10 Rules: Running with your Dog

By STEPHEN REGENOLD

My dog, Rodney, turns nine years old this spring. In “dog years,” this makes him an old man. But Rodney, who is a Weimaraner and weighs about 100 pounds, is fit and fast, healthy for the most part and still able to run for miles without a break. As a runner, Rodney has been my main training partner for years. Since 2003 — when he was a pup and I was a budding marathoner — the dog and I have run side by side collectively for thousands of miles and on harsh training days up to two hours straight. I’ve learned a few things along the way. From the experience, I offer these “10 Rules of Running with Your Dog.” Follow my tips to get the most out of training with a pooch leashed at your side.

1. Your Run, Not the Dog’s — As a serious runner, I think of my training runs as my own time to get in shape and practice my sport. The dog happens to come along. In other words, I am not “taking the dog on a walk.” I am going for a run (and my dog is coming with). There’s a fundamental difference.

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Weimaraner dressed up and ready to run

2. Don’t Stop to Sniff — Continuing on the above “control” theme, don’t let your dog rule your run. Don’t let him or her stop to sniff fire hydrants and trees. That kind of activity can be reserved for walks. On the run, the primary activity is. . . running. You want to keep your pace and maintain a steady rhythm. Your dog will learn to love it, don’t worry. They are born to run, and all the sniffing and marking of territory can be saved for another time.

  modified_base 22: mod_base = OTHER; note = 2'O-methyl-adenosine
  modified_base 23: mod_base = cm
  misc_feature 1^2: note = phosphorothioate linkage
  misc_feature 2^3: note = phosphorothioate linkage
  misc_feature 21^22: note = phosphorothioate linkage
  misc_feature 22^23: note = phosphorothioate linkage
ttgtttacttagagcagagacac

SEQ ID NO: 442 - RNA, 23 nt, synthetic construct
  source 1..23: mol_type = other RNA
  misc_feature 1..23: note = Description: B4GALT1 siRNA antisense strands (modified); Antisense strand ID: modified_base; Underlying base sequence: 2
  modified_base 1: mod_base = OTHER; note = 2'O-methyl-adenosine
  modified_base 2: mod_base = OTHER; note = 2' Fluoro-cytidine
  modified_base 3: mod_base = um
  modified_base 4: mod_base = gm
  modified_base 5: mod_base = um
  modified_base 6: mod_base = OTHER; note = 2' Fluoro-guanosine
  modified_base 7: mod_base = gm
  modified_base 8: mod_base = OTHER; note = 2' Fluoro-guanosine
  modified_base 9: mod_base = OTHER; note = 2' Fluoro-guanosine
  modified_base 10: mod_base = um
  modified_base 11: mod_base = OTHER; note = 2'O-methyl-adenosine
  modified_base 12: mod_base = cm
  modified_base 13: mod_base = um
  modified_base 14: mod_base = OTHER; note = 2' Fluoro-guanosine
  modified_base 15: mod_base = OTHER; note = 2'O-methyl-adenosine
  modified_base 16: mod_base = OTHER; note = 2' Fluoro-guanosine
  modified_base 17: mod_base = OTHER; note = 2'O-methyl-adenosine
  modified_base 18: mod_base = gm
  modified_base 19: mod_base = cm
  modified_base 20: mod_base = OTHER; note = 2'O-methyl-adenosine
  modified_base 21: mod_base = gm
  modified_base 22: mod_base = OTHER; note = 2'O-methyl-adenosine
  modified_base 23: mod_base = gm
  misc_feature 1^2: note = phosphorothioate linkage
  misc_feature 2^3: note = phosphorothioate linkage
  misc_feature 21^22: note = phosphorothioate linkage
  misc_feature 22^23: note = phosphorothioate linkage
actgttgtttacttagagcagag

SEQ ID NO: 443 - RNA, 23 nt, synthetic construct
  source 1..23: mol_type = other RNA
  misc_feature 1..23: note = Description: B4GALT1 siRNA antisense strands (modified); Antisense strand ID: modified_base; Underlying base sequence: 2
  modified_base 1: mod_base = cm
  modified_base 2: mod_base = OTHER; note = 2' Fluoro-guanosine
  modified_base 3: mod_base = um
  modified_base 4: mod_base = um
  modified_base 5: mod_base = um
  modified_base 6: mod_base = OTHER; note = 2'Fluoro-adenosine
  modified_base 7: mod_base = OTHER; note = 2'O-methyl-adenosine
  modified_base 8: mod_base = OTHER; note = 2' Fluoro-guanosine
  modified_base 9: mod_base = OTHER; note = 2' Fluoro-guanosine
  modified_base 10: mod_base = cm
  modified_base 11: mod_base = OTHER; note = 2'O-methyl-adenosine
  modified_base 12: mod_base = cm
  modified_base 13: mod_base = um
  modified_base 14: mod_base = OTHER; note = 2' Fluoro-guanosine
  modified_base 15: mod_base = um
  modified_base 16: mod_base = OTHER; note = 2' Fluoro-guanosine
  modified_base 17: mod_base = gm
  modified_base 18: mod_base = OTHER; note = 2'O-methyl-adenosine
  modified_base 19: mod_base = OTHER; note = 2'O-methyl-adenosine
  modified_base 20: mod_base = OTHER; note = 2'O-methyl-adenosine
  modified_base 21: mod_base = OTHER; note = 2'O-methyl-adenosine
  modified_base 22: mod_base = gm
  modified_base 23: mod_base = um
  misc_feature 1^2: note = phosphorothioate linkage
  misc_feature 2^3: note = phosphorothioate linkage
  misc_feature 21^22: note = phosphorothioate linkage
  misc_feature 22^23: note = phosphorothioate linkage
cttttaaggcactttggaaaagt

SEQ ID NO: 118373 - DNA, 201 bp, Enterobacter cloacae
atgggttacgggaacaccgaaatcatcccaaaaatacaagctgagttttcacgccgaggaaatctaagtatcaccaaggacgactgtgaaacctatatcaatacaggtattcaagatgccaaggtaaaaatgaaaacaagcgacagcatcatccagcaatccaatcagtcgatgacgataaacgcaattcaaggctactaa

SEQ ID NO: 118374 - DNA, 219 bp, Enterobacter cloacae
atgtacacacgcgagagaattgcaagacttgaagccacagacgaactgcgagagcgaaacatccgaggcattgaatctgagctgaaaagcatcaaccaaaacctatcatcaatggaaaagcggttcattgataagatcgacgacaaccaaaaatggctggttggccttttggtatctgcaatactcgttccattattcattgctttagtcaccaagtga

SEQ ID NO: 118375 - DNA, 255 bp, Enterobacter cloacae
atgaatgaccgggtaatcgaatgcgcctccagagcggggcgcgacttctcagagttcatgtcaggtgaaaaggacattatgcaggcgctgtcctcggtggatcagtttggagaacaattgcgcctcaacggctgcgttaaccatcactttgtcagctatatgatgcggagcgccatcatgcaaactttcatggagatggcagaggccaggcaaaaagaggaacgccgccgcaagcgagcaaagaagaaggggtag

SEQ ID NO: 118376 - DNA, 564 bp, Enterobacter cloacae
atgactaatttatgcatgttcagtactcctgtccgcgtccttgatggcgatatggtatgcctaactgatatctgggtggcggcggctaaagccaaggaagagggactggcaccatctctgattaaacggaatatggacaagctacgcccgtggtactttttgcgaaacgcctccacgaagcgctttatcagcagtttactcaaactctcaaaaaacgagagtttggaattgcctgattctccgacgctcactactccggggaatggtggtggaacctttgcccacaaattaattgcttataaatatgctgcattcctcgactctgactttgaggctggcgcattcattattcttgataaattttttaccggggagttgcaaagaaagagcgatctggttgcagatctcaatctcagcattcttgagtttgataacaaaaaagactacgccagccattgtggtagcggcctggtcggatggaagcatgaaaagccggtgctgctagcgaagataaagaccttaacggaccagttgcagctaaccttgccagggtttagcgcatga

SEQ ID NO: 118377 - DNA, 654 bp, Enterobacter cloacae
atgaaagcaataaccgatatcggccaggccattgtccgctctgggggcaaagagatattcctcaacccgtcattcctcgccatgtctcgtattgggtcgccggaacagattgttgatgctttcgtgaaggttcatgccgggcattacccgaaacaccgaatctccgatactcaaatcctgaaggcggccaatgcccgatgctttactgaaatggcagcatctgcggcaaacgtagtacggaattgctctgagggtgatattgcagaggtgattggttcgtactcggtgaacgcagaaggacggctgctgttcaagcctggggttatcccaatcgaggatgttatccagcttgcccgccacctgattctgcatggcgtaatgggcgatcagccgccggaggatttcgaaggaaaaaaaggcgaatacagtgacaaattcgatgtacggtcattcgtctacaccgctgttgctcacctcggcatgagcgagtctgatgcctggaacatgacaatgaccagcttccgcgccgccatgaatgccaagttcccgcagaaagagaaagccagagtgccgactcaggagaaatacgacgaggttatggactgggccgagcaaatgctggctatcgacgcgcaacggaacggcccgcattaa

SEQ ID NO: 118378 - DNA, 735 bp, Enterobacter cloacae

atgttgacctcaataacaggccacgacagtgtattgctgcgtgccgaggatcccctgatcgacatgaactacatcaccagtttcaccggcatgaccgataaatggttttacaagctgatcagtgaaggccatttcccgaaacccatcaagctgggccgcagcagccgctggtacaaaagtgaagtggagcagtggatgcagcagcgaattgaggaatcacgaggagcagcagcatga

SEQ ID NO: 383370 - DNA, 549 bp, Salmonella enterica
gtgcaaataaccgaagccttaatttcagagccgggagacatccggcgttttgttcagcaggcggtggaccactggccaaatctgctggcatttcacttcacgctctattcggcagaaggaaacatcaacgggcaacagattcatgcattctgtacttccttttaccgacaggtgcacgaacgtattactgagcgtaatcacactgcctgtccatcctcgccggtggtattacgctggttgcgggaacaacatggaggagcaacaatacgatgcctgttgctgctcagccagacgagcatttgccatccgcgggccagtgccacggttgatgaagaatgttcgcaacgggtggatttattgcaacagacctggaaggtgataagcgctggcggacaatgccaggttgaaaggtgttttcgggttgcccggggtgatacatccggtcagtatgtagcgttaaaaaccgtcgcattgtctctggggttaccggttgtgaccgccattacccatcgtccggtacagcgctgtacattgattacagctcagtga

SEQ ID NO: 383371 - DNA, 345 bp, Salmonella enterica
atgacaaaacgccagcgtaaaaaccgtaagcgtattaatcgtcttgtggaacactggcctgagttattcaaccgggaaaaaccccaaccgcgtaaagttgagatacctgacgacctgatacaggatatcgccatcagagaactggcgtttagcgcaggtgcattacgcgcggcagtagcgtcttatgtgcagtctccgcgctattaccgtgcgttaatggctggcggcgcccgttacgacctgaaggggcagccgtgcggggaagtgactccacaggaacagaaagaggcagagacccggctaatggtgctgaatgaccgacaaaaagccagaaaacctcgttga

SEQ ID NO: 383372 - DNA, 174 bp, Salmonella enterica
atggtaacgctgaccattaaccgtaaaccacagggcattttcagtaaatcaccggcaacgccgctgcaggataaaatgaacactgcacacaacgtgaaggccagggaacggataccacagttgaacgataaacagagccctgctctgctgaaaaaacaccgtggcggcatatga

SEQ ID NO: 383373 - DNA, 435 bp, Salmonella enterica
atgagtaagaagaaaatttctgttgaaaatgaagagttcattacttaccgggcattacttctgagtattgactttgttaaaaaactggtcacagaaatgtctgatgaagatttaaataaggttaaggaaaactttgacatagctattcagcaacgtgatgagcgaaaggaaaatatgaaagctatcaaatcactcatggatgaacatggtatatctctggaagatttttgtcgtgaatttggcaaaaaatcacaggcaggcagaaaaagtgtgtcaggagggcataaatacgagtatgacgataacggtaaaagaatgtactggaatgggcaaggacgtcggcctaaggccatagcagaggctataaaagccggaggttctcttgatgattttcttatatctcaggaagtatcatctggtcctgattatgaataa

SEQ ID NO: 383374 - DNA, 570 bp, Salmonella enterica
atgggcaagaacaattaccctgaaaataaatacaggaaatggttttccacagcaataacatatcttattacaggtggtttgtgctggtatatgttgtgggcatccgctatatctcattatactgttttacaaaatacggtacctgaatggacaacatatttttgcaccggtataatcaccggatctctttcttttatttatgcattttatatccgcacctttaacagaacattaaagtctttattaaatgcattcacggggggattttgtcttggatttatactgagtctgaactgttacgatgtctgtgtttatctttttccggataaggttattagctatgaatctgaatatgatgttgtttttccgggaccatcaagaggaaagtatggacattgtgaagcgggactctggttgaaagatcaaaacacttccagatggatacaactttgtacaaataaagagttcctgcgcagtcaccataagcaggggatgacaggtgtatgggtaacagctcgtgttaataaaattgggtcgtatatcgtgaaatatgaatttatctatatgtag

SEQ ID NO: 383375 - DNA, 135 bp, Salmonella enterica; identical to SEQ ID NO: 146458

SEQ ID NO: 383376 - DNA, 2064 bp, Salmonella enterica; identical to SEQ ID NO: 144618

3. Be the Alpha! — Teach your dog to run at your pace and follow your lead. Don’t let him pull you or drag behind. Teach him to heel and observe your pace, your starts and stops, and your commands. This is your run, not the dog’s. You’re in control. Dogs love to follow the Alpha in the pack. Be the Alpha!

4. Keep Your Hands Free — Set up your leash system so that your hands are free. You need to be able to pump your arms and run naturally, so holding a leash in hand is a no-no. I wear a thin nylon belt with a plastic clip buckle. An end of the leash is looped around the belt, keeping the dog close and at my side. My setup is homemade. But companies like Ruff Wear Inc. and Stunt Puppy make belt-type leash systems ready to buy.

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Belt leash from Stunt Puppy

5. Short Leash — Your most natural running stride will be accomplished with the dog heeling close and running at your side. My dog runs about two feet to my left, and he’s on a short leash that does not allow him to wander. It takes some training, but most dogs can learn to run at your pace right along side. It is an efficient system for both runner and dog.

6. No Pull — Dogs love to pull, but on a run this is super annoying (and detrimental to the human getting maximum exercise). Do not let your dog get in front of you and pull. Establish this as a rule with your dog early on.

7. Corrective Collar — If your canine cannot resist pulling, look into a corrective collar. I use a “choke chain”-type collar on Rodney with short, dull spikes. If he pulls too hard off course, there’s a “corrective sensation” that quickly gets his attention and puts him on track.

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